A so-called sum curve for a refrigeration medium such as R12 is shown if FIG. 5 which shows the resulting pressure for the actuator spring in FIG. 3 plus the refrigerant pressure as a function of the temperature of the refrigerant at the evaporator inlet. This "resulting" pressure constitutes the pressure which must be produced by the actuator in order to open the valve. From the curve in FIG. 5 the corresponding actuator heating temperature can be found which in this instance is approximately 82 C. A start operating point t=f(S1) is thus achieved from which the actuator temperature and the operating pressure respectively is increased to open the valve in dependence on the actual degree of superheat compared with the set reference value. This is achieved by a circuit schematically shown in FIG. 8.

Referring first to FIGS. 6 and 7, however, a prior art solution to the problems was to try to limit the dynamic range of the actuator temperature, at the same time covering the necessary range of evaporator temperatures in the different applications. The desired solution is shown in FIG. 6 in which the dynamic range of the actuator temperature TF depends on the opening position of the valve, the dynamic range being the same for each opening point.

The minimum and maximum limits are chosen from the following considerations:

(i) The minimum limit is the point at which the valve is defined as being closed. It lies approximately 2 C. from the temperature TF point where the valve is supposed to open. This limit is called the K limit.

(ii) The maximum limit is the extent of the necessary working range of the TQ value. This is called the K1 limit.

Thus, if temperature S1 is known, the corresponding actuator temperature TF can be found from the graph in FIG 7.

In the regulator the S1 /TF characteristic can be "built-in" and using the S1 signal the equivalent actuator temperature TF can be found. From the calculated values of TF, K and K1, limits can be placed on the actuator temperatures reference sigal VR. FIG. 8 shows the diagram of the regulator which may embody this principle.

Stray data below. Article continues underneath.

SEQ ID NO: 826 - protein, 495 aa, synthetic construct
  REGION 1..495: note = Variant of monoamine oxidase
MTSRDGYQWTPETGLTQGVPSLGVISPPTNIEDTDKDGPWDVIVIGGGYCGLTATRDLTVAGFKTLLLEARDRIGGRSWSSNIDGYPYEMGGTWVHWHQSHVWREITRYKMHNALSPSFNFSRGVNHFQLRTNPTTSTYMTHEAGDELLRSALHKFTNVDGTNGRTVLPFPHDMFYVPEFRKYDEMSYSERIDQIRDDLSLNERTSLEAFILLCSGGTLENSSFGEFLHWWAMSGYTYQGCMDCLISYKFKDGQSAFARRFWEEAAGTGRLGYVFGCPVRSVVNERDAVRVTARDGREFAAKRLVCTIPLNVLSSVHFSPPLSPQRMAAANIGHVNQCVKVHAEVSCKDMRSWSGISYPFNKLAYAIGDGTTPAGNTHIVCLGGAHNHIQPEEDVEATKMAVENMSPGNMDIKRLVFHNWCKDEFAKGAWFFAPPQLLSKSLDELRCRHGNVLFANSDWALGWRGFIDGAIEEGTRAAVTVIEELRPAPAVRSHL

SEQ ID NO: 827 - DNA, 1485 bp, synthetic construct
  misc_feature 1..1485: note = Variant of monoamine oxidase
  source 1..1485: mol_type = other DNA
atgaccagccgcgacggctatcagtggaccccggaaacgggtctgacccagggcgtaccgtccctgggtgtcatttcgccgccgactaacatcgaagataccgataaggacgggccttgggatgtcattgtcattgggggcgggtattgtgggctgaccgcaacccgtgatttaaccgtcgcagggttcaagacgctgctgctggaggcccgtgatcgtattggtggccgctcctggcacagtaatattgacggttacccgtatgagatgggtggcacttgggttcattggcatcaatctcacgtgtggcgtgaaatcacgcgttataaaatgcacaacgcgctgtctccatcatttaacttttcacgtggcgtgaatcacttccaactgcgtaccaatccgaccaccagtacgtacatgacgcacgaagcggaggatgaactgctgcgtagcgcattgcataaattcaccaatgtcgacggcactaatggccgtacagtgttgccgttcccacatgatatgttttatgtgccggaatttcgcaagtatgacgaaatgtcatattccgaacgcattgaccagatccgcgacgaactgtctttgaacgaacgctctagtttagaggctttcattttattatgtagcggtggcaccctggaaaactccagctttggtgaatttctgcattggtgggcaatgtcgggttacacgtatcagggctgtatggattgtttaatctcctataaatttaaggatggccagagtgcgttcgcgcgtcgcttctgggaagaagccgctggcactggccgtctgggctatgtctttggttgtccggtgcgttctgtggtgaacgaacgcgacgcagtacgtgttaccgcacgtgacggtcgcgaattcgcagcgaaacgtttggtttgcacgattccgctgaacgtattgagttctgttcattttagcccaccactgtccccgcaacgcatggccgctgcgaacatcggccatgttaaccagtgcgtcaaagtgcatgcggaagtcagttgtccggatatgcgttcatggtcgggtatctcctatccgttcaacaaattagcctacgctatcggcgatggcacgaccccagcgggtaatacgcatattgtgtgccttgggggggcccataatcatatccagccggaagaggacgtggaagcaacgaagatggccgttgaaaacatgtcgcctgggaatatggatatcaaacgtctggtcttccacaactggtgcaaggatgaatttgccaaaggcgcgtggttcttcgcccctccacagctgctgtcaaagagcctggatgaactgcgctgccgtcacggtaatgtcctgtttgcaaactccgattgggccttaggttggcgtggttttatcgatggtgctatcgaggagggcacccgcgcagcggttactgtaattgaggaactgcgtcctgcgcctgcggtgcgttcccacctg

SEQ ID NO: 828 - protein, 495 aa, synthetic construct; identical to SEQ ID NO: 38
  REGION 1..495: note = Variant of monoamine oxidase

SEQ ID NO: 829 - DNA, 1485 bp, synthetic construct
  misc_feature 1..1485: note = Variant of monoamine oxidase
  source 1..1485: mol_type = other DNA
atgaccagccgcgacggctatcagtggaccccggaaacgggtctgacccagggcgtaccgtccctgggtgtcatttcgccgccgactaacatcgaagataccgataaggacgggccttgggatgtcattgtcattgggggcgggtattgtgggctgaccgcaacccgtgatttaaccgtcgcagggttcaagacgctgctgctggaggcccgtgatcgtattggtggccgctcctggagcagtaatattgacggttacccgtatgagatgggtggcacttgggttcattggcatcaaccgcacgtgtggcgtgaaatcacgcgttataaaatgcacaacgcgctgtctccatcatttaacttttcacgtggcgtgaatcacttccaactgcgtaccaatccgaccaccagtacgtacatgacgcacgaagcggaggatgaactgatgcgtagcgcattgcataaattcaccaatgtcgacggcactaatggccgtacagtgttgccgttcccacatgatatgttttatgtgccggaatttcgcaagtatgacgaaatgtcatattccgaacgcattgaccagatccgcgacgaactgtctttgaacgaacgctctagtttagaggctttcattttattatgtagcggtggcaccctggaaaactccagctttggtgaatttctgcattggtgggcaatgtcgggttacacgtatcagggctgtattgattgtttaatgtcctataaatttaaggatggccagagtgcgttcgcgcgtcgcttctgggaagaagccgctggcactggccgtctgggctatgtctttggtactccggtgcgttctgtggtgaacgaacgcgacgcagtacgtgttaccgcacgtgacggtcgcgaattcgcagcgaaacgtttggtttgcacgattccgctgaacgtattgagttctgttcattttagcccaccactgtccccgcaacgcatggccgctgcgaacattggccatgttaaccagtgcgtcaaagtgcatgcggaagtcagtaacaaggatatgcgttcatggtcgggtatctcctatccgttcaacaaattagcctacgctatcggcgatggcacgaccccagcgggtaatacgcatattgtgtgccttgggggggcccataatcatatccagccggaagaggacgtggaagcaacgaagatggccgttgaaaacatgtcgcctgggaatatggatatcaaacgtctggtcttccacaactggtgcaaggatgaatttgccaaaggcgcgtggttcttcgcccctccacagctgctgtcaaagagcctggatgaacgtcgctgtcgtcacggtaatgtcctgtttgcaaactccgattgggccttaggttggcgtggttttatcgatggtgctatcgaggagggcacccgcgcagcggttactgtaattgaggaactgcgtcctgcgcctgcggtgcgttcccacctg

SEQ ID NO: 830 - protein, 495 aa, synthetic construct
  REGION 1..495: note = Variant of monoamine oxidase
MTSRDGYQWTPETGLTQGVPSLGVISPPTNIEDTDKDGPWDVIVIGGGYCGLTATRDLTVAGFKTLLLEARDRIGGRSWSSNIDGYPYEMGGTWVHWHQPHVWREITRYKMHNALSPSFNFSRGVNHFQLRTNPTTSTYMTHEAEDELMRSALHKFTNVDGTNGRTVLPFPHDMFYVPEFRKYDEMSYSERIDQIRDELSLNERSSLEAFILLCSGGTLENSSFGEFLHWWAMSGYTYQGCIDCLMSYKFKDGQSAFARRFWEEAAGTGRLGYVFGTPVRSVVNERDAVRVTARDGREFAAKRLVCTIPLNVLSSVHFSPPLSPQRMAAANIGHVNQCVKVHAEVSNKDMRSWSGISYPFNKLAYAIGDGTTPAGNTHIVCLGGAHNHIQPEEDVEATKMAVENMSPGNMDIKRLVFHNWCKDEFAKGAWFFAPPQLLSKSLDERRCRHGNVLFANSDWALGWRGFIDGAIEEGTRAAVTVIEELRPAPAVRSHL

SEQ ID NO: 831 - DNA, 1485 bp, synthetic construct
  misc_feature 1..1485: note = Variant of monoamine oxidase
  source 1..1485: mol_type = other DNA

The graphs shown in FIG. 7 can be "built-into" the regulator so that the measured S1 signal can be converted to an equivalent actuator temperature, TF. From this value, the limits K and K1 can be placed on the actuator temperature reference signal VR so that the dynamic range of the actuator temperature is (K-K1) C. FIG. 8 shows how this is achieved.

The generated TF =f(S1) from block (a) is used to create the limits (f(S1)+K1) and (f(S1)-K) in block (b) such that the voltage VR is kept within these limits, irrespective of whether the input V1 is not within these limits. Hence, the latch-up problem is avoided in this version.

The sum curves in FIG. 5 also illustrate how signal S1 generates the limits of the dynamic range.

Referring now to FIG. 8 in which sensors S1 and S2 are arranged in accordance with FIG. 1, a difference value signal (S2 -S1) is compared with a reference value ΔT. The difference (the error) between the difference signal and the reference value is fed to a PI-regulator the output signal of which is fed to a limiter circuit block (b) which will be explained in more detail with reference to FIGS. 9 to 11 herein. The signal V1 from the PI-regulator determines the operating point on the regulator curve outside the starting point (opening point).

In FIG. 8 it is also shown that the signal from one sensor (S1) over an adaption circuit, schematically shown as block (a), is connected to the limiter-circuit block (b) for determining the starting operating point (opening point). The output signal from the control block (b) is fed to a comparator as a reference value VR to operate the valve actuator.